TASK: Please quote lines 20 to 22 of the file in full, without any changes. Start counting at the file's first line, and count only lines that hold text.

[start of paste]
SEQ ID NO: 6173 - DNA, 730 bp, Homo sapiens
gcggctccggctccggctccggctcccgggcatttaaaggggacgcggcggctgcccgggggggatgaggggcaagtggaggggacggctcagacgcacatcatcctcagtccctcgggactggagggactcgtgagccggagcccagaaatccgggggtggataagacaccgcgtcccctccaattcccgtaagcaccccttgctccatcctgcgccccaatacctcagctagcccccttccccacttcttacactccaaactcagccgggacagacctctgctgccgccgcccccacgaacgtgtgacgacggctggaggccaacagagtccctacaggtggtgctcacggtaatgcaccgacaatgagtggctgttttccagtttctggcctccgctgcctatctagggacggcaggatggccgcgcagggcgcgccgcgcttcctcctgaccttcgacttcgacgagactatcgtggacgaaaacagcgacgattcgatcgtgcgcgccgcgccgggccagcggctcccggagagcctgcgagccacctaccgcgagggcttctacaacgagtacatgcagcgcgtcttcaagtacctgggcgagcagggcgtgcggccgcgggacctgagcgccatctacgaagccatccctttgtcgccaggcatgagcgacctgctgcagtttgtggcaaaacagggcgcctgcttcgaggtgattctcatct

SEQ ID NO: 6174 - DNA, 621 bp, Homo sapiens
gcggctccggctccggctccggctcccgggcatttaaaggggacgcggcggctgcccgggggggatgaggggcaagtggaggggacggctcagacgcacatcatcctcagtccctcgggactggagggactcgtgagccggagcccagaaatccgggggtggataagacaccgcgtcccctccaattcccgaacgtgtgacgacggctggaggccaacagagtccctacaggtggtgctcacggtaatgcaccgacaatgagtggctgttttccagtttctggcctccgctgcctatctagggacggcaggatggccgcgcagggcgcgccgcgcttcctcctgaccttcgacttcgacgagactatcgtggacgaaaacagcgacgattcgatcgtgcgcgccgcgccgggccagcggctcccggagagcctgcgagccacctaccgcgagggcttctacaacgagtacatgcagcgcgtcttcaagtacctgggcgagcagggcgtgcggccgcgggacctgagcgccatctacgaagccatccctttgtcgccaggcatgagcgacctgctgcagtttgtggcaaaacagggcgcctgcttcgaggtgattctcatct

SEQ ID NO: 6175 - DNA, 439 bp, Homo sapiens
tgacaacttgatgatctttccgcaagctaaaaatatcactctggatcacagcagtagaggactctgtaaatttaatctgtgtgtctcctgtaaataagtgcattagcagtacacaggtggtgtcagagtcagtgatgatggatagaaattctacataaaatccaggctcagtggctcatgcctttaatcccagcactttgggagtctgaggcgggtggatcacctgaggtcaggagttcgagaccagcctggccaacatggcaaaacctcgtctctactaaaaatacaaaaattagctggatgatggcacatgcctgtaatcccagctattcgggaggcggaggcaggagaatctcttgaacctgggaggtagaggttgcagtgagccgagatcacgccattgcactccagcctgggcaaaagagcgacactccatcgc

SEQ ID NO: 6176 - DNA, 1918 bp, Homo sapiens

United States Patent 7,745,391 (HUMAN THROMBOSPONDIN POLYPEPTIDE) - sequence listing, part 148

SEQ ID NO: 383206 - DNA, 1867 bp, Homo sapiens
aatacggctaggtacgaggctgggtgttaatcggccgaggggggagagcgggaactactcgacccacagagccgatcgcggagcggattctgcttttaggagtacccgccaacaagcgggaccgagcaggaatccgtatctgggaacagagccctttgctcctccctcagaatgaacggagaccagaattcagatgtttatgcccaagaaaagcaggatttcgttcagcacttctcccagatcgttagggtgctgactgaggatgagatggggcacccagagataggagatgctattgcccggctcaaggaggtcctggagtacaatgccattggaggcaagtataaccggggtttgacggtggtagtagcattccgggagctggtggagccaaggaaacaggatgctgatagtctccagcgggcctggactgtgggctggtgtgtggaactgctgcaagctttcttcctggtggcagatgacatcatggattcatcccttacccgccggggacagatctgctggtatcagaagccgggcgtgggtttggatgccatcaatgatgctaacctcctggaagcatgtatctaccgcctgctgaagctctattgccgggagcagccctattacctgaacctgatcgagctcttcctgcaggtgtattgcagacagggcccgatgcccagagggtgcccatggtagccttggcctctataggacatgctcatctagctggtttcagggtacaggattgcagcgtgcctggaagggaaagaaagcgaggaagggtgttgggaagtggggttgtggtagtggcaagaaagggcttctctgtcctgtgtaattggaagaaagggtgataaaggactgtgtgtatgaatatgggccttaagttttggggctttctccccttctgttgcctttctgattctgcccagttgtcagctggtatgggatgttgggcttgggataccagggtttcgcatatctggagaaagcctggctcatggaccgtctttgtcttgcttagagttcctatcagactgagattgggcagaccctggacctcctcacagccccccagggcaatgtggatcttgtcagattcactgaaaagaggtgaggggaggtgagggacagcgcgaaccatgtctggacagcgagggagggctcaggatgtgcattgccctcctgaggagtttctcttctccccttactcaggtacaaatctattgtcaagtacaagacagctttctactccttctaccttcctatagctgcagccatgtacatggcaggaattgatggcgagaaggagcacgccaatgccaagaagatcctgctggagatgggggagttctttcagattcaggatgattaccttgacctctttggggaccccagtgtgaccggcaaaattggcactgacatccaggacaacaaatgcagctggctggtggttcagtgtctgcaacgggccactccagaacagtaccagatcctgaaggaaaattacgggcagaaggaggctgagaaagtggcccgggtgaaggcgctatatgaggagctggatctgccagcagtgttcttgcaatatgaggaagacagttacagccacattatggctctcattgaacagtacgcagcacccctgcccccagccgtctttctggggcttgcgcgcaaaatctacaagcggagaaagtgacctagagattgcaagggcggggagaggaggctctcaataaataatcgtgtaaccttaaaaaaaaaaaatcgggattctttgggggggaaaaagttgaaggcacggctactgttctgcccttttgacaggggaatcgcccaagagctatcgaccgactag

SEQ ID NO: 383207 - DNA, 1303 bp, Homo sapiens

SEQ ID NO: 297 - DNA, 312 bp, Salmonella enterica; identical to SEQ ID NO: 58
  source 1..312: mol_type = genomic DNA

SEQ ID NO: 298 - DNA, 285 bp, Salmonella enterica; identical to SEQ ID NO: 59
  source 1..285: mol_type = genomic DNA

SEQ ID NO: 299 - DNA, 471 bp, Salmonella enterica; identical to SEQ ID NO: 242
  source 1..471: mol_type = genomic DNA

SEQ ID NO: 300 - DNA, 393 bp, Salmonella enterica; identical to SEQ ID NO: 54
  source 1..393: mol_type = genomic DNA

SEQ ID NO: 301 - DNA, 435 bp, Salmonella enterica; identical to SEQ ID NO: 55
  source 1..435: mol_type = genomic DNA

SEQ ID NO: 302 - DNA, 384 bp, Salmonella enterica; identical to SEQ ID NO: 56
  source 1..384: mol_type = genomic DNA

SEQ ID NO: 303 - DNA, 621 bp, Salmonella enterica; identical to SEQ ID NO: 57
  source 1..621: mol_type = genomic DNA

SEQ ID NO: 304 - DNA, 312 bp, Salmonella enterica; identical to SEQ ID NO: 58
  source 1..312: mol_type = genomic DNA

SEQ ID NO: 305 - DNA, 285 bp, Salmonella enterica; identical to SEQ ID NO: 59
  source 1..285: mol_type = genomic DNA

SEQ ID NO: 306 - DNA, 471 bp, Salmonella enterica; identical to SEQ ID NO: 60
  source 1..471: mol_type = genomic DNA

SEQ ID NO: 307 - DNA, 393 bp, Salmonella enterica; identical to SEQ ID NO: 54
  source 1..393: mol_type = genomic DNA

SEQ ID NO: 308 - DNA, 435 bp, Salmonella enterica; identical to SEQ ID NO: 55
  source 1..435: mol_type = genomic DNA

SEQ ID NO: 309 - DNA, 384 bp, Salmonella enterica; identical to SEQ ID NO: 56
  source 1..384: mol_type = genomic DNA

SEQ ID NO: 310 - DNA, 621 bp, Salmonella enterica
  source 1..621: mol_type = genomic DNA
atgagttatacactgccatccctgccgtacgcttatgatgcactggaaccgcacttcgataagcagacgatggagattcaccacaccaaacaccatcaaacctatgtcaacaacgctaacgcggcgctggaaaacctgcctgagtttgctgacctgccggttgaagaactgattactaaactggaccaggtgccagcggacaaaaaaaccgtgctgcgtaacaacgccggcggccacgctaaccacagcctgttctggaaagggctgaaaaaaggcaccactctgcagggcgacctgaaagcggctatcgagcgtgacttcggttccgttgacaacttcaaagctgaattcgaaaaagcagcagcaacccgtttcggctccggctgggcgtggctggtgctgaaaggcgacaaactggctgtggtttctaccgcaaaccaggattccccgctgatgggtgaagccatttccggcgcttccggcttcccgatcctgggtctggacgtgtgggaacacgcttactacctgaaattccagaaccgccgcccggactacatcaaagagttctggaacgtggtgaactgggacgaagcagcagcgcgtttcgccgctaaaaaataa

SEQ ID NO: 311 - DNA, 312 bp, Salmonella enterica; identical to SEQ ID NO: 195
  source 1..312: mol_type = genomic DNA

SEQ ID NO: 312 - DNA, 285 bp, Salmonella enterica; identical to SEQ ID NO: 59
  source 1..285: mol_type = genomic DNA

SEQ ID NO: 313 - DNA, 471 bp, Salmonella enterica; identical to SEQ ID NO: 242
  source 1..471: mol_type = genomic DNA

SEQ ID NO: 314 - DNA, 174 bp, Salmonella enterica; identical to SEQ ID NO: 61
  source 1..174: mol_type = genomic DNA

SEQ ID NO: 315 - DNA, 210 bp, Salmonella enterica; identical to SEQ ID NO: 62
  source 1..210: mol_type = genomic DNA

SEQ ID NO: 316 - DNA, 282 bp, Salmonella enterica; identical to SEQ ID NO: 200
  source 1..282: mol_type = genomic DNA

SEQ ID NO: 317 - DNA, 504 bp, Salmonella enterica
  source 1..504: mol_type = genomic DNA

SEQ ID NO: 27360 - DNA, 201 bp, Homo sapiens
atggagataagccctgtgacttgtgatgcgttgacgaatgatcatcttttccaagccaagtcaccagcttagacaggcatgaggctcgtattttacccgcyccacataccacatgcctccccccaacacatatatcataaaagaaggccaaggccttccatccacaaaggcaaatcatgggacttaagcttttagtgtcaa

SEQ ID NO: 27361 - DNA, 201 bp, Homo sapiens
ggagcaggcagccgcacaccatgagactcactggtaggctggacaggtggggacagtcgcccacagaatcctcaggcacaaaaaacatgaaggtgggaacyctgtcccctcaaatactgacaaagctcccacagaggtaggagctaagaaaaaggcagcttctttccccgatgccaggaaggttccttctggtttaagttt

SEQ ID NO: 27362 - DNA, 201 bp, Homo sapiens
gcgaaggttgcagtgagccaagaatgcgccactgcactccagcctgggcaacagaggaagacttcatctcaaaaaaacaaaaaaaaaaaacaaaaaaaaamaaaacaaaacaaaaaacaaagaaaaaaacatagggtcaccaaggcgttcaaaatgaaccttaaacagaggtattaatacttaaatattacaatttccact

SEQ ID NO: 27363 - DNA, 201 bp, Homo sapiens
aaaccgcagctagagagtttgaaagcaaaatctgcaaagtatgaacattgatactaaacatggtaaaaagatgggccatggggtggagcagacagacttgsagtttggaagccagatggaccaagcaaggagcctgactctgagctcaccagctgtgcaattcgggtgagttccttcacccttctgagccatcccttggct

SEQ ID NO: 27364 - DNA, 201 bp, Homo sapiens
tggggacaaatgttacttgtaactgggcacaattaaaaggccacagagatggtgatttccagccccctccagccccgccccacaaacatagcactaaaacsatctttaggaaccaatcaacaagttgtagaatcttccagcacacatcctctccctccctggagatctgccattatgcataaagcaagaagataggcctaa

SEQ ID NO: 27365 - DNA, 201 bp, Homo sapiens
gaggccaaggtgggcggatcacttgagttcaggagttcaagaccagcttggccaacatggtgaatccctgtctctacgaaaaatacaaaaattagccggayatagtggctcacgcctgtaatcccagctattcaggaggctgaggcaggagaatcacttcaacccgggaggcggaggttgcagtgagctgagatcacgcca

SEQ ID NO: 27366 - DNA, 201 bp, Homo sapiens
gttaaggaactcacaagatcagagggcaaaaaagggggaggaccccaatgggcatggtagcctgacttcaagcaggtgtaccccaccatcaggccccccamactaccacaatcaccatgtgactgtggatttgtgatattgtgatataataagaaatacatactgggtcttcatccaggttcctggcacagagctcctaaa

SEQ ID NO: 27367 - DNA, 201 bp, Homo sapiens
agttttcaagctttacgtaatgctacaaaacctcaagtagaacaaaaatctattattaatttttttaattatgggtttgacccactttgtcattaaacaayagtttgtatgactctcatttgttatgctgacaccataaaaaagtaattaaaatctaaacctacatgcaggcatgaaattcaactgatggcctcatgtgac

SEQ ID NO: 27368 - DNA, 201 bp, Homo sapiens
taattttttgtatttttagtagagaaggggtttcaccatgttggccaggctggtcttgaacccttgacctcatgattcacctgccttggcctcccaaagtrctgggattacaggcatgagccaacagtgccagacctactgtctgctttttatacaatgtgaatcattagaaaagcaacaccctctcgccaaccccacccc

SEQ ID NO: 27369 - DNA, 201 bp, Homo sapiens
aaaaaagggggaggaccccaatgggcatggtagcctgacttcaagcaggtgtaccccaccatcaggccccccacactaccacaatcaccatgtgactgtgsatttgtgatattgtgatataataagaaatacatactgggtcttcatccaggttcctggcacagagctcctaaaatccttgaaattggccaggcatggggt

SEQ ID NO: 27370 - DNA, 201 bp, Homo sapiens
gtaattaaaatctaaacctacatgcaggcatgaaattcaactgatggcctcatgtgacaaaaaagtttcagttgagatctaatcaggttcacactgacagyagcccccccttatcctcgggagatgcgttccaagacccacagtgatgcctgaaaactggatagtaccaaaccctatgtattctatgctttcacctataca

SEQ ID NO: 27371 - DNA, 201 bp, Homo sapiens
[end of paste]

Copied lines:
SEQ ID NO: 301 - DNA, 435 bp, Salmonella enterica; identical to SEQ ID NO: 55
  source 1..435: mol_type = genomic DNA

SEQ ID NO: 302 - DNA, 384 bp, Salmonella enterica; identical to SEQ ID NO: 56